I decided to get on I-75 because it was the most traveled path and thought it would be most clear vs. the side streets. It took an hour to go one mile. One of the most brilliant things I did before going further was to fill up my Toyota Camry’s gas tank. The full tank gave me confidence that I wouldn’t run out of gas as I made my way home. I packed water, a turkey sandwich, and vegetables. I also had an empty cup in case I needed to relieve myself. I knew it would take an ample supply of patience and prayer to make it home safely. 

And it did. My journey home took 12 hours to drive 18 miles. I experienced complete standstill traffic in many spots and extremely icy conditions on hills. Driving was like playing “Frogger,” an old video game where the object was to cross a river avoiding traps, hazards, and enemies. I dodged stalled, wrecked, or abandoned cars working my way up I-75. Conditions were significantly adverse at Moore’s Mill and West Paces Ferry exits. Many cars and trucks couldn’t gain traction. It was difficult to start after a complete stop going uphill on ice. I almost got stuck outside of Moore’s Mill switching lanes, and my tires wouldn’t grip initially. Adrenaline kicked in. My heart started beating rapidly as I shifted gears and worked to advance my car. Thankfully, I quickly gained control and moved forward. Because of my traction issues, I made the hard choice not to aid other travelers. I watched people with good intentions get out of their vehicle to push another car or truck out of harm’s way only to become immobilized themselves. I know that sounds cold, but I knew that if I stopped to help someone, I’d risk being stuck as well. My mission was to get home.

After traveling 10 miles in 11 hours, I crossed the Chattahoochee bridge into Cobb County. Traffic thinned. It was like making it through the gauntlet with a few lone survivors and one last test. The scene ahead of me looked like the end of the world with more stalled cars in the middle of the road. Dimly flashing hazard lights everywhere indicated a vehicle that was abandoned; drivers gave up, got out, and started walking. The ice grew thicker as the pavement disappeared. No traction was possible. All I could do was downshift to keep control of my speed and keep moving. I knew I may not get started again and would need to abandon my car if I stopped. Thankfully, I made it over the bridge, exited on Delk Road, and slowly crawled home. Unlike the city of Atlanta, Cobb County cleared and salted the roads. It took only 30 minutes to travel from the exit to my house. 

Snowpocalypse was worse than you can imagine… See for yourself. Watch the CNN report, “Storm Paralyzes Atlanta, Causes Chaos”: https://youtu.be/Uwc2pidiJKo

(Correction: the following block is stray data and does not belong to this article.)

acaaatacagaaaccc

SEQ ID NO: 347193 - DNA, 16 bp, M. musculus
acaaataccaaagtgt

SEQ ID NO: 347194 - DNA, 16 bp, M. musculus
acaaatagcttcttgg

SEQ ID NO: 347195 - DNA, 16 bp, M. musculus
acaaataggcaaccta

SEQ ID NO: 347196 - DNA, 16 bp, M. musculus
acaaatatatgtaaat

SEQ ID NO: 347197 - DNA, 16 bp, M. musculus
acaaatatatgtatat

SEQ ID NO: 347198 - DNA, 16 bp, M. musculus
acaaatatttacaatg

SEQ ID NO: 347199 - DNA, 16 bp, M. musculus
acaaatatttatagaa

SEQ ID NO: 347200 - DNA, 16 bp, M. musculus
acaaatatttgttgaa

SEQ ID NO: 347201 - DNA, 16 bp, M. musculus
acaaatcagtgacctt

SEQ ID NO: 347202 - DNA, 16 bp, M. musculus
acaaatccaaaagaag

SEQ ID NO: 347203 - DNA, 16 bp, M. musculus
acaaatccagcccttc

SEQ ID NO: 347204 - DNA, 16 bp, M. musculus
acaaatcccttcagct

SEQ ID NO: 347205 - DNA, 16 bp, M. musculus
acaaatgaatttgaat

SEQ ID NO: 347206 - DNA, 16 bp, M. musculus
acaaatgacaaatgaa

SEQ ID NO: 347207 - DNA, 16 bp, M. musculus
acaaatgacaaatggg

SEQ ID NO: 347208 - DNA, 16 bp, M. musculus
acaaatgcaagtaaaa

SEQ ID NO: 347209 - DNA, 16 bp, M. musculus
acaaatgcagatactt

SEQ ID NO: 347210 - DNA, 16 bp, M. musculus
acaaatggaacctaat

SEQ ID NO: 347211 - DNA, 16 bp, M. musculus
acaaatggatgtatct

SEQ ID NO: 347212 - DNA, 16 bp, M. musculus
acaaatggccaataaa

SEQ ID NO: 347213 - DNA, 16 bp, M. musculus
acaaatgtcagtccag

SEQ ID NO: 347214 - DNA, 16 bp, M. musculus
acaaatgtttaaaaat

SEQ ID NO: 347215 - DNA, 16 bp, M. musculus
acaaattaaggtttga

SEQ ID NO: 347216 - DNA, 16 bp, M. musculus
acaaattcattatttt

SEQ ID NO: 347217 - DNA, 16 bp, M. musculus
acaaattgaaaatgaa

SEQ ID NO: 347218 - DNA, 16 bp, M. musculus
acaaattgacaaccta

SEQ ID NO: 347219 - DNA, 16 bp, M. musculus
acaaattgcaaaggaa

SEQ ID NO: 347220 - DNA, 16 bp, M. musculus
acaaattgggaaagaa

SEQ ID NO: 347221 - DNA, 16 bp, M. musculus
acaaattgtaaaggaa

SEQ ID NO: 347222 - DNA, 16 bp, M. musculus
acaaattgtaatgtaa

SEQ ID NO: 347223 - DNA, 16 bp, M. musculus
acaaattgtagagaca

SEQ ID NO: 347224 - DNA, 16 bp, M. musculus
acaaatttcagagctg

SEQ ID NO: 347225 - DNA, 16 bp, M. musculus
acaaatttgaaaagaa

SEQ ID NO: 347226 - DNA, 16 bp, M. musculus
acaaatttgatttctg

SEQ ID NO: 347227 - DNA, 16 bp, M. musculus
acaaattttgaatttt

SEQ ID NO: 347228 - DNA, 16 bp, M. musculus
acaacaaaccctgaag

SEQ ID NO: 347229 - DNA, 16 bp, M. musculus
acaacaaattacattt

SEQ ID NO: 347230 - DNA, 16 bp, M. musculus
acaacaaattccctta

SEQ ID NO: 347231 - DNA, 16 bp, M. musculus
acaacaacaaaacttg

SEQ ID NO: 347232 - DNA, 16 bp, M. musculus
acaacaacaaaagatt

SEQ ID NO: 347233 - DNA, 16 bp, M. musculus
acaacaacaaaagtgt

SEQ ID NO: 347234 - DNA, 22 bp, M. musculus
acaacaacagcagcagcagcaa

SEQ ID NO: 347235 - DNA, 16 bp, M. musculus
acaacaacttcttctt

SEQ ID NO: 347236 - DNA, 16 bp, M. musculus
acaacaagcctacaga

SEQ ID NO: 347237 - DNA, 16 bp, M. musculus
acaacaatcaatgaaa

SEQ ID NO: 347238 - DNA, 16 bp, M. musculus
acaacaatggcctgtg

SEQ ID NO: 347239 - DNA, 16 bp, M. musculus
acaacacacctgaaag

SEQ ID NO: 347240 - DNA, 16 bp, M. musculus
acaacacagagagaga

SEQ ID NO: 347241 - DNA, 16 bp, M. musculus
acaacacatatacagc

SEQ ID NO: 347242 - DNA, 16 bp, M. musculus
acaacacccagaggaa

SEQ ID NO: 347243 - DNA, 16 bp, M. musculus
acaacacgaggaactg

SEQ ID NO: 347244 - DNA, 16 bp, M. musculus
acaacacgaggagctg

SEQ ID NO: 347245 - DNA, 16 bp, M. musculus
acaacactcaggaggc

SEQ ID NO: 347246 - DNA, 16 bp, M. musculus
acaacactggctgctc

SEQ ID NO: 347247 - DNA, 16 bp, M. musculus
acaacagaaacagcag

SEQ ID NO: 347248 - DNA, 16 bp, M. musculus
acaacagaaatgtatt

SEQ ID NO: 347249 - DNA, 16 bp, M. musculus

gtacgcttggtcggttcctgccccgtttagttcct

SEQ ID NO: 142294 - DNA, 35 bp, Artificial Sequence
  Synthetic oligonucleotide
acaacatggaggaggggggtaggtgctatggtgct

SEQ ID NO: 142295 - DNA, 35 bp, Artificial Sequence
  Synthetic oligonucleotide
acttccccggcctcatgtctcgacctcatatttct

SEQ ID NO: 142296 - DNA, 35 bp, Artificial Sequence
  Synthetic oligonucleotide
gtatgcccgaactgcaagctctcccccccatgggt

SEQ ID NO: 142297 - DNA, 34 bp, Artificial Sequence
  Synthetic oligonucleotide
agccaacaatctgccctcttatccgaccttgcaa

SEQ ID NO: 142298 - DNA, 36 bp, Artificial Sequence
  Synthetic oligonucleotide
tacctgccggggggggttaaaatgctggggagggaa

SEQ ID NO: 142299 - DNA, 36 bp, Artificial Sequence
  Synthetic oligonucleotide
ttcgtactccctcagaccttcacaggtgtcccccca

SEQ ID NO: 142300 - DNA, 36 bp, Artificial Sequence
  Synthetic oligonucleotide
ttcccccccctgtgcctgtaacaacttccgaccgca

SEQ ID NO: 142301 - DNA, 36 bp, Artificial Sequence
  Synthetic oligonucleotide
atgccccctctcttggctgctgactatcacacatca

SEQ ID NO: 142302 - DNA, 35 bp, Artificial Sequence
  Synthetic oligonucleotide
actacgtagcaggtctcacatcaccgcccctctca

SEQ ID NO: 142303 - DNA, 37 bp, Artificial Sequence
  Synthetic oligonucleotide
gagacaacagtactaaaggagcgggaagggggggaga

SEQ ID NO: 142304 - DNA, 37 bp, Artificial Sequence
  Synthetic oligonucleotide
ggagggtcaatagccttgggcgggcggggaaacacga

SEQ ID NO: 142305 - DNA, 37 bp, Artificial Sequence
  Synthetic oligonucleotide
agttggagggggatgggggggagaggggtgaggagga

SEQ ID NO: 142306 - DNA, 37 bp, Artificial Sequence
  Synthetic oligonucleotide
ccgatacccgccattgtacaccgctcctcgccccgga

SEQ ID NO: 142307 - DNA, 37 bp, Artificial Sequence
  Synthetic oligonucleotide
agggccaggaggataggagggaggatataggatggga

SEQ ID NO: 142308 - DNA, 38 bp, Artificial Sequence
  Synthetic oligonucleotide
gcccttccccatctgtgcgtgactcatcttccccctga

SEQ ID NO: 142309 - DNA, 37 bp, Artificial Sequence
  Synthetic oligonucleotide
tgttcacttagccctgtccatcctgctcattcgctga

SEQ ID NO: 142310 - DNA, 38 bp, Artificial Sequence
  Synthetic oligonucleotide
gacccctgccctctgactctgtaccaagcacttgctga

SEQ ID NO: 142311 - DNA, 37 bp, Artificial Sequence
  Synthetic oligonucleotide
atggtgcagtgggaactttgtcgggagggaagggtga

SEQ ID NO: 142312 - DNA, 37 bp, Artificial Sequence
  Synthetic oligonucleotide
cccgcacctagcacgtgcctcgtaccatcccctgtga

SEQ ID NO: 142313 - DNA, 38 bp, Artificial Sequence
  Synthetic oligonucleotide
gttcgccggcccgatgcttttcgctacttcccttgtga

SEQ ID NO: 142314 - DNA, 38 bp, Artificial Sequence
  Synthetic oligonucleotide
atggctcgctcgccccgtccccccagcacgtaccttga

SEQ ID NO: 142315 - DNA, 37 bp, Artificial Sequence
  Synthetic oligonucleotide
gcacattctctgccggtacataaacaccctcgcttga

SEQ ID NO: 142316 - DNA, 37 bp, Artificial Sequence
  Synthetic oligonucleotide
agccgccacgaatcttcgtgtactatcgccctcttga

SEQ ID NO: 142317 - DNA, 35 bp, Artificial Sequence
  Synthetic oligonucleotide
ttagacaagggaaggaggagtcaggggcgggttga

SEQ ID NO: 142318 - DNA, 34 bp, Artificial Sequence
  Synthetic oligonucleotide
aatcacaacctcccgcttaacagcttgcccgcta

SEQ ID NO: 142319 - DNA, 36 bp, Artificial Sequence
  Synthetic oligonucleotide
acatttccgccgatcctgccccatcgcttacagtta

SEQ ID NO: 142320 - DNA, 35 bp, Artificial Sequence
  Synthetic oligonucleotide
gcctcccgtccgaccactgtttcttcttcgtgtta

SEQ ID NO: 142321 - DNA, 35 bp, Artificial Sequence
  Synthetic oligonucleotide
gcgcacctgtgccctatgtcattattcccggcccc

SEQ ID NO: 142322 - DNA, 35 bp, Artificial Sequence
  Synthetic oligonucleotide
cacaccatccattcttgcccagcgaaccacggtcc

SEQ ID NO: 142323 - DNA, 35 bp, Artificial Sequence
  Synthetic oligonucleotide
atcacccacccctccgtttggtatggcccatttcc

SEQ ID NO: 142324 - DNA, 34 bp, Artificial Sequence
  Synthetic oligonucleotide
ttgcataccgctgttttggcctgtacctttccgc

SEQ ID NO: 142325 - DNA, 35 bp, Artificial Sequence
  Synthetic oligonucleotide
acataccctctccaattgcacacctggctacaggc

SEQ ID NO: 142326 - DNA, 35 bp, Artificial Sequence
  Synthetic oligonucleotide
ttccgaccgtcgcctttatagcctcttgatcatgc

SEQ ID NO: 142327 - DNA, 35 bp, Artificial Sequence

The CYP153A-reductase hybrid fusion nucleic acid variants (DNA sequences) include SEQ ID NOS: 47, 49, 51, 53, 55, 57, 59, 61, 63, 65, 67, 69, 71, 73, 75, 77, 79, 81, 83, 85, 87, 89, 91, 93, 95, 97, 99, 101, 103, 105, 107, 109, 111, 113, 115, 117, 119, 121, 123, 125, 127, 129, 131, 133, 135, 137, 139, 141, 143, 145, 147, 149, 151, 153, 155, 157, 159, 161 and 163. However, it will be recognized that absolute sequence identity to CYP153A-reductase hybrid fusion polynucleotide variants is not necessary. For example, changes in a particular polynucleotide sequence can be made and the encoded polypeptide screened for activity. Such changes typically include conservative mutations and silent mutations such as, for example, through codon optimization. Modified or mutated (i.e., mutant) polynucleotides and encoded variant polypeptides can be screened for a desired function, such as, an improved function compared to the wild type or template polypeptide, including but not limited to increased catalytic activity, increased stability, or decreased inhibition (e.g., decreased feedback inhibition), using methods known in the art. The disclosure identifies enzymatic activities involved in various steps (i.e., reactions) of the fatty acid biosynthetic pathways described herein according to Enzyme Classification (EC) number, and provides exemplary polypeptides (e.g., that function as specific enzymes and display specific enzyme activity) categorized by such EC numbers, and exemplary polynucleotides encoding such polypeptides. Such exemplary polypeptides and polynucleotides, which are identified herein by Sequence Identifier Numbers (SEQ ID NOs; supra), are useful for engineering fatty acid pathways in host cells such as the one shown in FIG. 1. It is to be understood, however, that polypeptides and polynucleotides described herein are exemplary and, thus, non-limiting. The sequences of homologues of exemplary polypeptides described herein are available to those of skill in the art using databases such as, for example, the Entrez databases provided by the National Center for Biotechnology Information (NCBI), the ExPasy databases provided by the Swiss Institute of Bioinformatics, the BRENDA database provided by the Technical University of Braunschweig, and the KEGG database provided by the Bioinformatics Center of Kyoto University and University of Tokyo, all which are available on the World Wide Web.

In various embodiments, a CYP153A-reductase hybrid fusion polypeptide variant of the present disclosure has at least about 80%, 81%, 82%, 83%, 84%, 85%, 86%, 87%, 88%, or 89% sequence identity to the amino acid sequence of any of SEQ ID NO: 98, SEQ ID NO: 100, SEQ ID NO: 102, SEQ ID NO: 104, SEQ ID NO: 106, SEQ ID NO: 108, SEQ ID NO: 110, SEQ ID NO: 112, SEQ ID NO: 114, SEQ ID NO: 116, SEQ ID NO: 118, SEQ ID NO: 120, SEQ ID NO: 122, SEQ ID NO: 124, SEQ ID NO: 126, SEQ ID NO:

After the taxing ride, I arrived home at 4:30 am. This was all caused by schools and businesses releasing their folks at the same time and during the start of the storm, no salt on the roads, and a lack of city government leadership. But I take personal responsibility for making a series of terrible decisions that led to my delay. I exercised awful judgment. Should I have left at Noon and heeded Paula’s advice? Yes, but I ignored her call to action. Should I have left after the meeting at 1:45 pm and endured the parking garage delay? Yes, but I was impatient and further delayed. Should I have stayed the night at the AOC? Maybe, but I was overconfident that the ride home would be troublefree because I was an experienced winter condition driver. I take personal responsibility for these inept decisions. Not once did I pause to anticipate conditions or circumstances, let alone pray about what I should do.

Despite all my bad judgment, I am very thankful that I made it home and for those that prayed for my safety. It was a great exercise in patience, prayer, and trusting the Lord as I worked my way home. A great analogy for life. And this is just my story. There are countless others. I think about kids on school buses stuck on the road trying to get home. I remember all of the folks who wrecked or abandoned their cars… Or, people spending the night in places like Home Depot because they couldn’t go any further. 

As a side note, I did make one sound decision that night. Remember the cup I mentioned? I used it and learned that having an empty cup comes in handy in these types of situations, if you know what I mean 😉 

Have you ever experienced a set of circumstances like I did? Have you made one wrong decision that led to another, and the outcome wasn’t what you planned? If so, know that you can weather the challenges you face, learn to make better decisions, and experience positive results by applying the below principles: